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Official FRUITVALE STATION Thread

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  • Atypical
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    #101450

    Here is the first trailer for Sundance winner (and TWC acquisition) “Fruitvale Station.”

    http://www.youtube.com/watch?v=ZxUJwJfcQaQ

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    Renaton
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    #101452

    Good trailer. Hope this gets an audience, Michael B. Jordan deserves to be a star so much. This also looks kinda different than I imagined, but also better than I thought. Nice use of The Roots on the trailer, by the way. 

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    Malick
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    #101453

    Wanna see B. Jordan and Spencer both get nominated, though i have a feeling that wont be an easy feat. Fingers are crossed though.

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    black30
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    #101454

    Why do you want Spencer to return? I hate that her win has entitled her to sticking around. 

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    Malick
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    #101455

    ^ Thats unfortunate you feel that way. I myself have issues with The Help so i understand man. But the performances were not one of them. I thought Octavia Spencer was incredible! And since my favourite supporting performance (Jessica Chastain in The Tree of Life) wasn’t nominated i was rooting for Spencer hard. And finally, to me anytime minorities are nominated its a joyous occasion. Since The Academy seems to only like honouring caucasians.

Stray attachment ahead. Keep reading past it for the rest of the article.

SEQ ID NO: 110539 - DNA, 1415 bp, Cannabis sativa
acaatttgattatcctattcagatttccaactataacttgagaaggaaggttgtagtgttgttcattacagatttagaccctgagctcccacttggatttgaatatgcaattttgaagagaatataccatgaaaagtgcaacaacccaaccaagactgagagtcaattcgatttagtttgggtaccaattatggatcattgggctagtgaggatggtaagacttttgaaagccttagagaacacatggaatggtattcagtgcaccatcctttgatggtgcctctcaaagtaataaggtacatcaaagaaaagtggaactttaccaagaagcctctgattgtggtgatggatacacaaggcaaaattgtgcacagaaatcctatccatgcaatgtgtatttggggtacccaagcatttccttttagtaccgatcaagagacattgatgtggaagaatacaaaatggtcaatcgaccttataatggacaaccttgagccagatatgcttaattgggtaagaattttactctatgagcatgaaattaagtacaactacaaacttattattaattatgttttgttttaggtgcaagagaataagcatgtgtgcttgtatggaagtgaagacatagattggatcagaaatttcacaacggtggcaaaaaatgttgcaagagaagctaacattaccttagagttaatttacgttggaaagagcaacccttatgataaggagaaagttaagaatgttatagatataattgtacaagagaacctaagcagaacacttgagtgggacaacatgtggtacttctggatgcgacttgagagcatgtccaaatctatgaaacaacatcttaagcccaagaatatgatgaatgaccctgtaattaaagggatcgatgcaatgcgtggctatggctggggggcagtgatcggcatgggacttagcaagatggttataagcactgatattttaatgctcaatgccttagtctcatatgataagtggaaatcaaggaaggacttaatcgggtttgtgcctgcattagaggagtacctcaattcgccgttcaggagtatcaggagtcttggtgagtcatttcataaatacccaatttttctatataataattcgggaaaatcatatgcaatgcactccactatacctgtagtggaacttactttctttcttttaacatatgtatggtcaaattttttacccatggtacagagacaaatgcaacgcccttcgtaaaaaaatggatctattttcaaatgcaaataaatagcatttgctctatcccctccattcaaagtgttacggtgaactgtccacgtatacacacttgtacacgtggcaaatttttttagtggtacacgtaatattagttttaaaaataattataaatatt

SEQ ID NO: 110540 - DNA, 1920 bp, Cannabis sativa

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    seabel
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    #101456

    Watch this win the Camera d’Or at Cannes.

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    Someonelikeme
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    #101457

    Can’t wait to see this!

    FRUITVALE STATION
    (director: Ryan Coogler; 2013)
    BY 

    KEYWORDSCOOGLER, RYAN“FRUITVALE STATION”

    The director Ryan Coogler’s début feature brings a full and just measure of righteous outrage to the true story of Oscar Grant, a twenty-two-year-old Oakland man who, early on New Year’s Day in 2009, was shot and killed by a Bay Area Rapid Transit officer despite being unarmed. (The officer was convicted of involuntary manslaughter.) Coogler reconstructs, mainly from Grant’s perspective, the events leading up to the crime. As played with searching, cerebral energy by Michael B. Jordan, Grant—who had done jail time (seen in flashback) for a drug-related offense—was attempting to become a better father to his four-year-old daughter and a better partner for her mother, Sophina (Melonie Diaz). But the movie doesn’t turn him into a pristine hero; caught cheating on Sophina, caught lying to her about his unemployment, he comes off as a warmhearted, hot-blooded young man wrestling mightily with his demons. Coogler weaves a comforting web of family around Grant, including his mother (Octavia Spencer) and grandmother (Marjorie Crump-Shears), to show all the more poignantly the intimate devastation wrought by his death. The movie is the model of decency and respect, and does honor to a life unjustly ended; it offers few surprises but is nonetheless shocking.